The forty-year-old filed for divorce and distanced herself from all the people who blamed her, but she makes an observation: “For us it is a double punishment. We have to suffer the infidelities of our spouses, and we also have to accept that they blame us, because if a guy goes somewhere else, he must have had a good reason. Whereas in my case, I was married to a cheating asshole.”

Cardboard apologies from the infidels and their sympathizers

Christine is far from being an isolated case, and women victims of infidelity have often been entitled to reproach, even teasing. “My mother told me: ‘But what did you expect? All men cheat on their wives, you have to deal with it, it’s not a dealbreaker.’ Speech from one of her partners: “The first thing she asked me when I announced my breakup after of an affair was not ‘How are you?’ ‘, it was ‘How long has it been since you slept together?’, as if my libido was necessarily going to be questioned.”

For Lila Adeniz, a couples therapist, this reaction is not really surprising, and has very deep roots in the way women are educated: “Since they are little, girls are taught to put their wishes before those of boys. , to sacrifice. Less obvious among Gen Z, but among millennials, many women have grown up seeing their mothers blame themselves for all the problems in their relationship, and they recreate this pattern without really thinking about it, because they were raised that way. the new generations, feminism makes them less inclined to blame the woman, and more to blame the person who is really to blame, that is, the unfaithful person.

The owner always pointed the finger

“What surprised me the most was that my friends weren’t mad at my boyfriend when they found out he was cheating on me,” says Chloe, 23. “On the other hand, they were angry at the girl she had slept with. This girl who had not asked for anything was the target of insults, and even threats, from my friends, who however did not direct a single reproach at my partner. .” A situation similar to that suffered by Sumner Stroh, who claims to have been Adam Levine’s lover. “Of course, she should not have slept with a man in a relationship, but she was not unfaithful herself, she could have acted for love or stupidity. But the person who betrayed me, is him. Will I be angry with her?”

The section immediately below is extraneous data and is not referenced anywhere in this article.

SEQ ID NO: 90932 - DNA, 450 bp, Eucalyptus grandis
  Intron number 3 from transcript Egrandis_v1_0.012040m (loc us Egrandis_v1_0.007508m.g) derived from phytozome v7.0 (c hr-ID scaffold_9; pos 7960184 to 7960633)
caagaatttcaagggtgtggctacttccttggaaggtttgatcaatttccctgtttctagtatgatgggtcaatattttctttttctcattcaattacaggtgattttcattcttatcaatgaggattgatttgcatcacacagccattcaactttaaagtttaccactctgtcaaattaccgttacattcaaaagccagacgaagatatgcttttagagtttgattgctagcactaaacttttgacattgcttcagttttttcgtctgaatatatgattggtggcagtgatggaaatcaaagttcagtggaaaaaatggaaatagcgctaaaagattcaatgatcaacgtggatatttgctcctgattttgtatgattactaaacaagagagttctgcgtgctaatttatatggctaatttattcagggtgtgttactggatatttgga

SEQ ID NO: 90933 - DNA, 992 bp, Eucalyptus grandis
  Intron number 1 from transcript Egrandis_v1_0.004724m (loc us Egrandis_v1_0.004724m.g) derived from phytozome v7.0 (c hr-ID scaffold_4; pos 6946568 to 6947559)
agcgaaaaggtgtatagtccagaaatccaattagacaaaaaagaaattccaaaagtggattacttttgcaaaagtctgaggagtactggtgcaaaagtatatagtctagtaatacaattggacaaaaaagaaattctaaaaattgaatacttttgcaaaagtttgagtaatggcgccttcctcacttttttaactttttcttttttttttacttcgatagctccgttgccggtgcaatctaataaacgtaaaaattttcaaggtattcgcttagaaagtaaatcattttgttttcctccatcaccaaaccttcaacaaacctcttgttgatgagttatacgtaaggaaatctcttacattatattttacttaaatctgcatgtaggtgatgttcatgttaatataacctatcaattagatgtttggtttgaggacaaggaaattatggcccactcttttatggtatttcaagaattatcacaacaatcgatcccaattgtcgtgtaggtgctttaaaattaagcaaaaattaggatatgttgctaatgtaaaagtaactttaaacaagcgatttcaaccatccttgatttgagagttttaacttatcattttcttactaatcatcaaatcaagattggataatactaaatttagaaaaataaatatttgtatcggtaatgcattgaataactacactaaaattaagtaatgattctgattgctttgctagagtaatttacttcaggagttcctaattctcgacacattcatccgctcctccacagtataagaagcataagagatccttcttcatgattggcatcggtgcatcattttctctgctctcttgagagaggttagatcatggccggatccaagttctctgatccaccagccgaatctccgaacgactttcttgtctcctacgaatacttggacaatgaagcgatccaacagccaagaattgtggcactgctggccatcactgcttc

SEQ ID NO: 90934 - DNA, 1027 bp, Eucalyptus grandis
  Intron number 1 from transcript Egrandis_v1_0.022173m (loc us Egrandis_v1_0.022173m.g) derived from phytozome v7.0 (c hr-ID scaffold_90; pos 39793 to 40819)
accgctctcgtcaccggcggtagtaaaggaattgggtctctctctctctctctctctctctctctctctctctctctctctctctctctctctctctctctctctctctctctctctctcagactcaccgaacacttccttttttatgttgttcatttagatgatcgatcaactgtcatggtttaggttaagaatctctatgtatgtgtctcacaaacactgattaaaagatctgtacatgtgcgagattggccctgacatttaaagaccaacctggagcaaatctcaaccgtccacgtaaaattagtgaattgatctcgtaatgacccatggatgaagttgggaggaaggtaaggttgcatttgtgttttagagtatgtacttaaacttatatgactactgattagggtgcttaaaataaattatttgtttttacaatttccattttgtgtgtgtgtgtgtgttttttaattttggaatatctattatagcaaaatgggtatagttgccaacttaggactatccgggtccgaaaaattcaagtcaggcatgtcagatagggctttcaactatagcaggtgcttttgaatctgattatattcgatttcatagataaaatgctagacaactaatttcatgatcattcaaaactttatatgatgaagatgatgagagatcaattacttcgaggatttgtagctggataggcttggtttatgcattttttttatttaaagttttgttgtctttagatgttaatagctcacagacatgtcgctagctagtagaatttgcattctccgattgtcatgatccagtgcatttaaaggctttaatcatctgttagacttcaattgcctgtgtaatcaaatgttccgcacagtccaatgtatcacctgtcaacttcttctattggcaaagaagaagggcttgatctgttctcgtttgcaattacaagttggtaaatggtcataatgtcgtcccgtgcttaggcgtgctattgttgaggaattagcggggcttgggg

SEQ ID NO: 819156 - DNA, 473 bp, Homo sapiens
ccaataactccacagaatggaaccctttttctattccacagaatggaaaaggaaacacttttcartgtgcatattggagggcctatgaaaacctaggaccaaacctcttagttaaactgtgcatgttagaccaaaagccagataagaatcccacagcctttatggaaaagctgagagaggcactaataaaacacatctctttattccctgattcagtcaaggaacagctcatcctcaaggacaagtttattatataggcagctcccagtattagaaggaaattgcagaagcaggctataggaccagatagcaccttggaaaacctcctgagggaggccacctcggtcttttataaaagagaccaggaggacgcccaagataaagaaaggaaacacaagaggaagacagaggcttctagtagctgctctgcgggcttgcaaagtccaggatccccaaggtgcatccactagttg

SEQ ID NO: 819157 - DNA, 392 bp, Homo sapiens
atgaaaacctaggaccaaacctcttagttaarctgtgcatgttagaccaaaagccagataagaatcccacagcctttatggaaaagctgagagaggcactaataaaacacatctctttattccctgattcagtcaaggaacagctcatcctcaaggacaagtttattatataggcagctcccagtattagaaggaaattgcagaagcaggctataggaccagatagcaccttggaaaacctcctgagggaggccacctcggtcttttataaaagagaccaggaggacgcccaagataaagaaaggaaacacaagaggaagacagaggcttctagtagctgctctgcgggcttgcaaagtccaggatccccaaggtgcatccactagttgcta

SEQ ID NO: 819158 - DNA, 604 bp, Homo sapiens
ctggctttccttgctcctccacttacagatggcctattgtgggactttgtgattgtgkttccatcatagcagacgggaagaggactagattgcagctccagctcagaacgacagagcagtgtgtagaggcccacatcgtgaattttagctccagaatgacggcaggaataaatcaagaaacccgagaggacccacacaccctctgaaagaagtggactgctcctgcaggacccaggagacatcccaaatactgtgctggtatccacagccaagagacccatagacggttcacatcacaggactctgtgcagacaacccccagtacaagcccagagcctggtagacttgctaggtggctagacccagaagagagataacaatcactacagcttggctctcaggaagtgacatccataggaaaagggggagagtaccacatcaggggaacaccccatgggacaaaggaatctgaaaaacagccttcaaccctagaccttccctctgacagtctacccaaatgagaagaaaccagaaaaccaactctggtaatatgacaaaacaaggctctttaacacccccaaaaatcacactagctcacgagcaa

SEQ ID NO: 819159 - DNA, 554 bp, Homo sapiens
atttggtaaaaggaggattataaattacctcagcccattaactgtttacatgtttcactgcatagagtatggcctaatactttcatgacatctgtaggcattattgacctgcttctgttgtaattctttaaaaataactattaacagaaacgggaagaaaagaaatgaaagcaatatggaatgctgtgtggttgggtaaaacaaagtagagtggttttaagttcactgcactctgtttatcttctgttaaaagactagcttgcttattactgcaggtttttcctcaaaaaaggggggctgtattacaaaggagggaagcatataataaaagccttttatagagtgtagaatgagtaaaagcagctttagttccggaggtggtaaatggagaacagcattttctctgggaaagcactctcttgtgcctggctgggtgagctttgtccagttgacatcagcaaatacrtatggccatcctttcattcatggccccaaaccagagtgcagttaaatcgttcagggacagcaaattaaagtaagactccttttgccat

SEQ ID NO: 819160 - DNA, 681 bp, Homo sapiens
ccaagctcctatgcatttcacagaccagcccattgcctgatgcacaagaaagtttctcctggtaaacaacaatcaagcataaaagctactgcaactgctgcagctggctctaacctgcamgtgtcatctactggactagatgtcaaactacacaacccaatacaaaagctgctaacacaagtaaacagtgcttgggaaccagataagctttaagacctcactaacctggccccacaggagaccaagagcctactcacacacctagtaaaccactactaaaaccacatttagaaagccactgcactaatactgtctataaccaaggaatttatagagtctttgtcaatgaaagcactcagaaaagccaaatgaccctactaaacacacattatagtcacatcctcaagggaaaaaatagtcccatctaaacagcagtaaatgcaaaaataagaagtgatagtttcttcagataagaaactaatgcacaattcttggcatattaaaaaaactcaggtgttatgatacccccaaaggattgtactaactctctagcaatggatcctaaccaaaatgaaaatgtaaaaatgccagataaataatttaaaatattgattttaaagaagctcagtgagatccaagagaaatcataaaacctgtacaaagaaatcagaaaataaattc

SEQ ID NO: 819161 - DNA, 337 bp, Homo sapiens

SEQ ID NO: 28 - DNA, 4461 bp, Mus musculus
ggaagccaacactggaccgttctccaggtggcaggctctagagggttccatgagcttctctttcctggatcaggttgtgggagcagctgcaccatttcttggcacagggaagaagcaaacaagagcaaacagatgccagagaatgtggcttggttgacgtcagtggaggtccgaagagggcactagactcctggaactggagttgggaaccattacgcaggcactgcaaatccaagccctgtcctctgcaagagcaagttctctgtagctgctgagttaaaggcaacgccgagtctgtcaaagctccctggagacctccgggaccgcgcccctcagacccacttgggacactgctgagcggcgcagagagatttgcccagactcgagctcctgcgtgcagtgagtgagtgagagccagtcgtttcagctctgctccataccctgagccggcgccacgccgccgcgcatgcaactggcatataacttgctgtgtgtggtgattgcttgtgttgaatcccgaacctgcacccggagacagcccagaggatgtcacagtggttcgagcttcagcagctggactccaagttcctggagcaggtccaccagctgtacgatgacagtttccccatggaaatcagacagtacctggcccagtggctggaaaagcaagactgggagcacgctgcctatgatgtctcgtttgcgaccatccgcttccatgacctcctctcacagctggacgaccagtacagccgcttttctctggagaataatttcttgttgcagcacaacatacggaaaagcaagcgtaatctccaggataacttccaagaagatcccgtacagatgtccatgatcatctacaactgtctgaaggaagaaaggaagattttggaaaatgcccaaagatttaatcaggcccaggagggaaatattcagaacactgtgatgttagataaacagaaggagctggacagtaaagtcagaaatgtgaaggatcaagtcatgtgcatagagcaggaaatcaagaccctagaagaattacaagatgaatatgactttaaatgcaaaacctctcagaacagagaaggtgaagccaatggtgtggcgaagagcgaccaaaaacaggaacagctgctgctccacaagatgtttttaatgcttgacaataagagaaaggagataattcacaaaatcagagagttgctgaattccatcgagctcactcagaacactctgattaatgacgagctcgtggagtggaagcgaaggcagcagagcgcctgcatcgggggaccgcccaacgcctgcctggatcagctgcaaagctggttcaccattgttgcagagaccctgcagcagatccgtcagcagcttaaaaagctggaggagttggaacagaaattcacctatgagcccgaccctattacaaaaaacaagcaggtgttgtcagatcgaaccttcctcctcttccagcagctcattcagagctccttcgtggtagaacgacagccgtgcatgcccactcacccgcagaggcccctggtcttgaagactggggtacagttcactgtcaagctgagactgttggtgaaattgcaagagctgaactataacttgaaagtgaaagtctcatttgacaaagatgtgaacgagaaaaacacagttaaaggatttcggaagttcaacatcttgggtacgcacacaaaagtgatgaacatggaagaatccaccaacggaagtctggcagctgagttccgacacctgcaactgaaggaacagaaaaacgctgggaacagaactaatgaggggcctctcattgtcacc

The couples therapist has her own idea about it. “It is always easier to blame a third person than to blame someone you love, or at least love. That is why in the context of infidelity, especially on the man’s side, there is a tendency to pick on him. the lover.” The specialist also points out a sexist difference here: “On the other hand, when a woman is unfaithful, she does not really blame her lovers. It’s always like this, men cheat because they have impulses and because their partner hasn’t done enough. And if it is the women who cheat, within the framework of a heterosexual couple, it is because they have put their own pleasure before that of their husband, that of their family. And that, therefore, they have not fulfilled their role as women described by society.

Video. “Female infidelity is more common than we imagine. We talk less because it is more frowned upon”: Rita Perse, author of Adult Air, deciphers the phenomenon